Thursday, February 5, 2009

There's No School Like The Old School

Here is the corollary to my "gimmicks" post: these are some of the photographic skills and qualities that are impossible to "short-cut."

1. Personality/Empathy/Scope of Knowledge
You've probably noticed I talk about Avedon a lot. What made Avedon great was not some technical brilliance that exceeded that of mere mortals: Avedon was a brilliant talker. Avedon was brilliant at finding common ground with a subject. He knew just what to say to get the reaction he needed. Avedon had a scope of knowledge that enabled him to speak knowledgably about classical music with Mitsuko Uchida, and about theater with Andre Gregory. The ability to empathize with a subject, and to know how to create a circumstance where they will show a desired quality is almost impossible to teach. Its a skill that is partly inborn, and partly honed through extensive practice.

2. Posing
Posing isn't "cool" these days, largely because most photographers haven't studied it and aren't good at it. Many clients express distaste for "posed" photos, often because they have usually been exposed to awkward and inexperienced direction. Good posing is the accumulated knowledge of centuries of visual artists concerned with making the subject look a certain way. A good pose doesn't look "posed." The only way to master posing is countless hours of practice with subjects of all shapes and sizes.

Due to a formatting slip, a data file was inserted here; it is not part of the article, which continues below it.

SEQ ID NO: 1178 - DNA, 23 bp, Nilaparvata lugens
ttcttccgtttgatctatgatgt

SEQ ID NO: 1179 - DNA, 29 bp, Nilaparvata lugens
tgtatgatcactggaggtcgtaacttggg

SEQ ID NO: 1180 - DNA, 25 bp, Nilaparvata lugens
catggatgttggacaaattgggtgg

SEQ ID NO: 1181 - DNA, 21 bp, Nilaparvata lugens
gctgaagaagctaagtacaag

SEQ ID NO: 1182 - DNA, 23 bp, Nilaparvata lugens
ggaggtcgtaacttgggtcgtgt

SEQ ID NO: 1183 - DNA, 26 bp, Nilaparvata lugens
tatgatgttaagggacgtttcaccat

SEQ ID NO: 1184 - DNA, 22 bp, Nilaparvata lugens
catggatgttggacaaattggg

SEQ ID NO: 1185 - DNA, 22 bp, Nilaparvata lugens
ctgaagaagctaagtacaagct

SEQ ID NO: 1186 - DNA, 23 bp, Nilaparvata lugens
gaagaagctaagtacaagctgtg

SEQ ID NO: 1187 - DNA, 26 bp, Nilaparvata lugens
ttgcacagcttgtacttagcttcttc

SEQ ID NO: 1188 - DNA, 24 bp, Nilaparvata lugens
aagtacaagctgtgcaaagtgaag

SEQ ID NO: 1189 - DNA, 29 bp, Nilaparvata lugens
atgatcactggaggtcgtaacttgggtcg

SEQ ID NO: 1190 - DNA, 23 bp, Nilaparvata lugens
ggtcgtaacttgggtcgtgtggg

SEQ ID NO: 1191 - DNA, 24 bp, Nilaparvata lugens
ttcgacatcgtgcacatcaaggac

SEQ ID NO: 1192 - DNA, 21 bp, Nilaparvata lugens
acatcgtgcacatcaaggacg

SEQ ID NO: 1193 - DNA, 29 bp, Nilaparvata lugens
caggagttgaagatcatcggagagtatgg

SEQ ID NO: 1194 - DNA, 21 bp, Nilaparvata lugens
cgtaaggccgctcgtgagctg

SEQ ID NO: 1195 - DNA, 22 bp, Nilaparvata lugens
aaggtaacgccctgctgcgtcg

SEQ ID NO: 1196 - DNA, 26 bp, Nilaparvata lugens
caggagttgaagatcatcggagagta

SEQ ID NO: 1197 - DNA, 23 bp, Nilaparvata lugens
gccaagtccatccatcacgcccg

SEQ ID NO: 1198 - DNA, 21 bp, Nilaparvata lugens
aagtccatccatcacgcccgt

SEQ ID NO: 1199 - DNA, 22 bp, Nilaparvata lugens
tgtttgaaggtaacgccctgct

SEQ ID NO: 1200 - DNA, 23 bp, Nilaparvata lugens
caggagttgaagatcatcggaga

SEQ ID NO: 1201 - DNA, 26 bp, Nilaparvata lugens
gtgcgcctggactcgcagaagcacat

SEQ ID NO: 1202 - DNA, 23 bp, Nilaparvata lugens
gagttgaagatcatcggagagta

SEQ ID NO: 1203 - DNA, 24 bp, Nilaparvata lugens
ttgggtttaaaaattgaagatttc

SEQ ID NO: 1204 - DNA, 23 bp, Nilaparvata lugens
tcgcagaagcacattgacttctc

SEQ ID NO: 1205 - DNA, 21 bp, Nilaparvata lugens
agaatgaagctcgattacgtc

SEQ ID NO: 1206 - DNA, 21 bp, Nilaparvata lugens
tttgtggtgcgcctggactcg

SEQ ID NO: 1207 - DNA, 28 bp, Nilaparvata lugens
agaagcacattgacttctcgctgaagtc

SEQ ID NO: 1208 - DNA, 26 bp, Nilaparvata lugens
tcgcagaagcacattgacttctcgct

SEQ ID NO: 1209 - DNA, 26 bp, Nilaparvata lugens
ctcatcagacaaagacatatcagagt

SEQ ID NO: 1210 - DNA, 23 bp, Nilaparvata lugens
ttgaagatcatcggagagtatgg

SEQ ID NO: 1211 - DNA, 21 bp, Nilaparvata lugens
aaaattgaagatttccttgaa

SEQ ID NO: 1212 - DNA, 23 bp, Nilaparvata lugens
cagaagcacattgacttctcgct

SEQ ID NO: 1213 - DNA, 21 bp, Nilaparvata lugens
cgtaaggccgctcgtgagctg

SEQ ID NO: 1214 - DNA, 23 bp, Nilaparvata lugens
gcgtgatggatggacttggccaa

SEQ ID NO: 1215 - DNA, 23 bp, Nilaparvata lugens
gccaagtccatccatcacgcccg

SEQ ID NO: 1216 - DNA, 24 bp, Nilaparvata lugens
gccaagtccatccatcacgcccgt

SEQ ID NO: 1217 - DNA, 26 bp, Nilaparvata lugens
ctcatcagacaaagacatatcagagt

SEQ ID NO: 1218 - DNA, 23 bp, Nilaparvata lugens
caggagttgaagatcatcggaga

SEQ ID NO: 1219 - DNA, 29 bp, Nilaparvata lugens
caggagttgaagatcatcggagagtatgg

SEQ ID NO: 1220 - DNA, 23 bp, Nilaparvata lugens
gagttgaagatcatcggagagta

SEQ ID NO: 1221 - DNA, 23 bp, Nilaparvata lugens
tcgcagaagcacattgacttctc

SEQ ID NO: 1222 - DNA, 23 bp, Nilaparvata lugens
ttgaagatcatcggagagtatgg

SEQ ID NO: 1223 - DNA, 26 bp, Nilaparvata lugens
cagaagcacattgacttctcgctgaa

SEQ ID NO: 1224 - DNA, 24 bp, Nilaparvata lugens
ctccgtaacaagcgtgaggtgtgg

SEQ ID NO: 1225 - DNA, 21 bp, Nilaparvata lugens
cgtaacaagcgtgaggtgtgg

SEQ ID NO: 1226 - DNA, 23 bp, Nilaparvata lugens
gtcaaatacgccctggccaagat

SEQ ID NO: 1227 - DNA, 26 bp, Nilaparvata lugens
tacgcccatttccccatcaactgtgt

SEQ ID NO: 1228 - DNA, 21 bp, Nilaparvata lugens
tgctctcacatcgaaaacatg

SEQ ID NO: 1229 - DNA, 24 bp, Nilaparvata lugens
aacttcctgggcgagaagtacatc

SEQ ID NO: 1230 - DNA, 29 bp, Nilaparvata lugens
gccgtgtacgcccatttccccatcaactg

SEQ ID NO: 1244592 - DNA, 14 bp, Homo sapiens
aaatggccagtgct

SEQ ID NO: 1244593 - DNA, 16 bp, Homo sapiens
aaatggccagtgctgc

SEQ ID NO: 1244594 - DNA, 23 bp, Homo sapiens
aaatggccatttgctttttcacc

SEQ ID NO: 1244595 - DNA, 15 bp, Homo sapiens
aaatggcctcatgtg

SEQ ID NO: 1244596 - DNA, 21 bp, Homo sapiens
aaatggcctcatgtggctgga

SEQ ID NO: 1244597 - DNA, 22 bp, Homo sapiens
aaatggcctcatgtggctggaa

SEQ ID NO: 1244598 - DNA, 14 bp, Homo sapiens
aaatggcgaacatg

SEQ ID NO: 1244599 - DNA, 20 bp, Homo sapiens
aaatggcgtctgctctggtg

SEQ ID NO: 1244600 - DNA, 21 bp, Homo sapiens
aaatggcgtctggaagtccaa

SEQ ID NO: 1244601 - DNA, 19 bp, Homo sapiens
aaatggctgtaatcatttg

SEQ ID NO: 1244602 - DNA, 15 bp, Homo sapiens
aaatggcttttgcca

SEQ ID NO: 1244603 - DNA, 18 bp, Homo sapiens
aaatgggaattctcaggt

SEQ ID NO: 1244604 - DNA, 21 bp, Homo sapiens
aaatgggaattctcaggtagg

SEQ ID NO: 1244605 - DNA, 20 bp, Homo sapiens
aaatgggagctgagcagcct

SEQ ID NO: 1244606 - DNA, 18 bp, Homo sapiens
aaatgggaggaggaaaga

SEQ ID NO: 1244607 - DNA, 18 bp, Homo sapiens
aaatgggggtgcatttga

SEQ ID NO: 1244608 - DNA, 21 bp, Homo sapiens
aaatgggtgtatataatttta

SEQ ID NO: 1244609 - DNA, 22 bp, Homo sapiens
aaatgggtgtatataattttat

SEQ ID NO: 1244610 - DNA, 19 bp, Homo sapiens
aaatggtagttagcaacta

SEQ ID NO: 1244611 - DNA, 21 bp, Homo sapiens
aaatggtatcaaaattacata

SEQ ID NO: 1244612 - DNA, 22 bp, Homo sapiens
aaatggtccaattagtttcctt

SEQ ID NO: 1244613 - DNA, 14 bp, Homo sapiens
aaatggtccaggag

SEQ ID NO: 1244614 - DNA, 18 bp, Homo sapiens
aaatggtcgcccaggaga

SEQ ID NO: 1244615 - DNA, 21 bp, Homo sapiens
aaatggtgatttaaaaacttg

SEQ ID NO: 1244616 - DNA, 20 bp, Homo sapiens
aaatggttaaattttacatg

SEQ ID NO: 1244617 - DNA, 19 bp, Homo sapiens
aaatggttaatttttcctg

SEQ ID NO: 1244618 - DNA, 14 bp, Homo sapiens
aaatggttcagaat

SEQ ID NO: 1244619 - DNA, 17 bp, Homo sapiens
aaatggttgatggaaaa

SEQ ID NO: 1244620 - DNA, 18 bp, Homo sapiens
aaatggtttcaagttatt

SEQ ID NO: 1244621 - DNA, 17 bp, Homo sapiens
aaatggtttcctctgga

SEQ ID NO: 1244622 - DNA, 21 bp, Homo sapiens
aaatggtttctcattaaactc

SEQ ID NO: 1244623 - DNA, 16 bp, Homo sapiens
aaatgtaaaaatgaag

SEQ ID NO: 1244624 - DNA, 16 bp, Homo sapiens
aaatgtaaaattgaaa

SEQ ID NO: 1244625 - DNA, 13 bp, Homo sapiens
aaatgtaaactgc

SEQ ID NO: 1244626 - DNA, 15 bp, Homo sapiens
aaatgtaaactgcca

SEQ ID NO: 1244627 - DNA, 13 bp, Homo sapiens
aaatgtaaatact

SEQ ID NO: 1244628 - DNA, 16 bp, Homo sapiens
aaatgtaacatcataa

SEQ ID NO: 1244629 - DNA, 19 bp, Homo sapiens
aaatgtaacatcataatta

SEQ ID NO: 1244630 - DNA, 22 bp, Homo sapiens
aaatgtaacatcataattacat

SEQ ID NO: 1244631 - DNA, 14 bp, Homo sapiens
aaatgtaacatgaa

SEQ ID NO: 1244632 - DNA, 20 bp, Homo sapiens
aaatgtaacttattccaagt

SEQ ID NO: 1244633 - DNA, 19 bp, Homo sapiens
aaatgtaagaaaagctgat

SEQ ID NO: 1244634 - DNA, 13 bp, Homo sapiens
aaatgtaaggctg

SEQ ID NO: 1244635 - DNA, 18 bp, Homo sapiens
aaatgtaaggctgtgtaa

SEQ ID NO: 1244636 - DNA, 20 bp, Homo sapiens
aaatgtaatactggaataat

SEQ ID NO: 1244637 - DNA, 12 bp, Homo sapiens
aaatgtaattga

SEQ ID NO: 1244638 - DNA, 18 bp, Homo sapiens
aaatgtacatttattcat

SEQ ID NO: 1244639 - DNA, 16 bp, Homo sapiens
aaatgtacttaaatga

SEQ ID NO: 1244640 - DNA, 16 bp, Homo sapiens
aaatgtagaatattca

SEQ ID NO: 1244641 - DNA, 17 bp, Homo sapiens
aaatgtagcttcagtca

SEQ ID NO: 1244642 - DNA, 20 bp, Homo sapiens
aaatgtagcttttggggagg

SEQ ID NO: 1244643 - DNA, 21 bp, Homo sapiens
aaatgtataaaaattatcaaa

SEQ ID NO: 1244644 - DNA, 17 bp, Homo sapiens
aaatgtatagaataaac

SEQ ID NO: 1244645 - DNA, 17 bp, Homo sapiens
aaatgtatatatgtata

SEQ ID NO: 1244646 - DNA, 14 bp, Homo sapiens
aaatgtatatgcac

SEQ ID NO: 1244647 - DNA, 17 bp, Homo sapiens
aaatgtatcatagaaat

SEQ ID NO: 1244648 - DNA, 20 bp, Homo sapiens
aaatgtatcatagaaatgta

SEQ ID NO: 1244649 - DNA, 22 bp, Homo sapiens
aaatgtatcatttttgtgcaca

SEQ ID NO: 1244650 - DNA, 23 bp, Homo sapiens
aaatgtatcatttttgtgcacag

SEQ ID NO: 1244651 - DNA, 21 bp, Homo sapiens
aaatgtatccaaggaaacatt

3. Elegant lighting
Lets face it: it's not rocket science to go out and buy a really powerful strobe and create some "gee whiz" lighting. Power can be purchased: elegance can only be learned. Examine the portraits of geniuses like David Seidner to see what is possible when grace takes priority over power.

4. Timing
Some folks are born with great timing, and some folks learn timing through practice. However, there's no blog or book you can read, and no workshop you can attend that will imbue you with great timing. Machine-gun photography is a poor substitute, and in the context of photojournalism or portraiture it seldom works. Nailing the "decisive moment" is a carefully honed talent.

5. Artistic Judgement
Anyone can learn to apply a texture to an image in Photoshop. $1600 will buy you the ability to shoot at f/1.2. Only a refined sense of judgement will tell you when either of these options are appropriate. Composition I'd consider a subset of this skill: what goes in and what stays out of an image is a matter of judgement that is partly innate, and partly developed over time.

These are the qualities upon which I have focused my photographic studies of late, because in an era when so many qualities can either be bought in a fancy piece of kit, or short-cutted with a trick learned on a blog site, the only way to reliably differentiate one's work is by focusing on those skills and qualities that are impossible to reproduce without the confluence of talent and sweat.

I'll end this post with a shot from today's session with the always-stunning Carrie.

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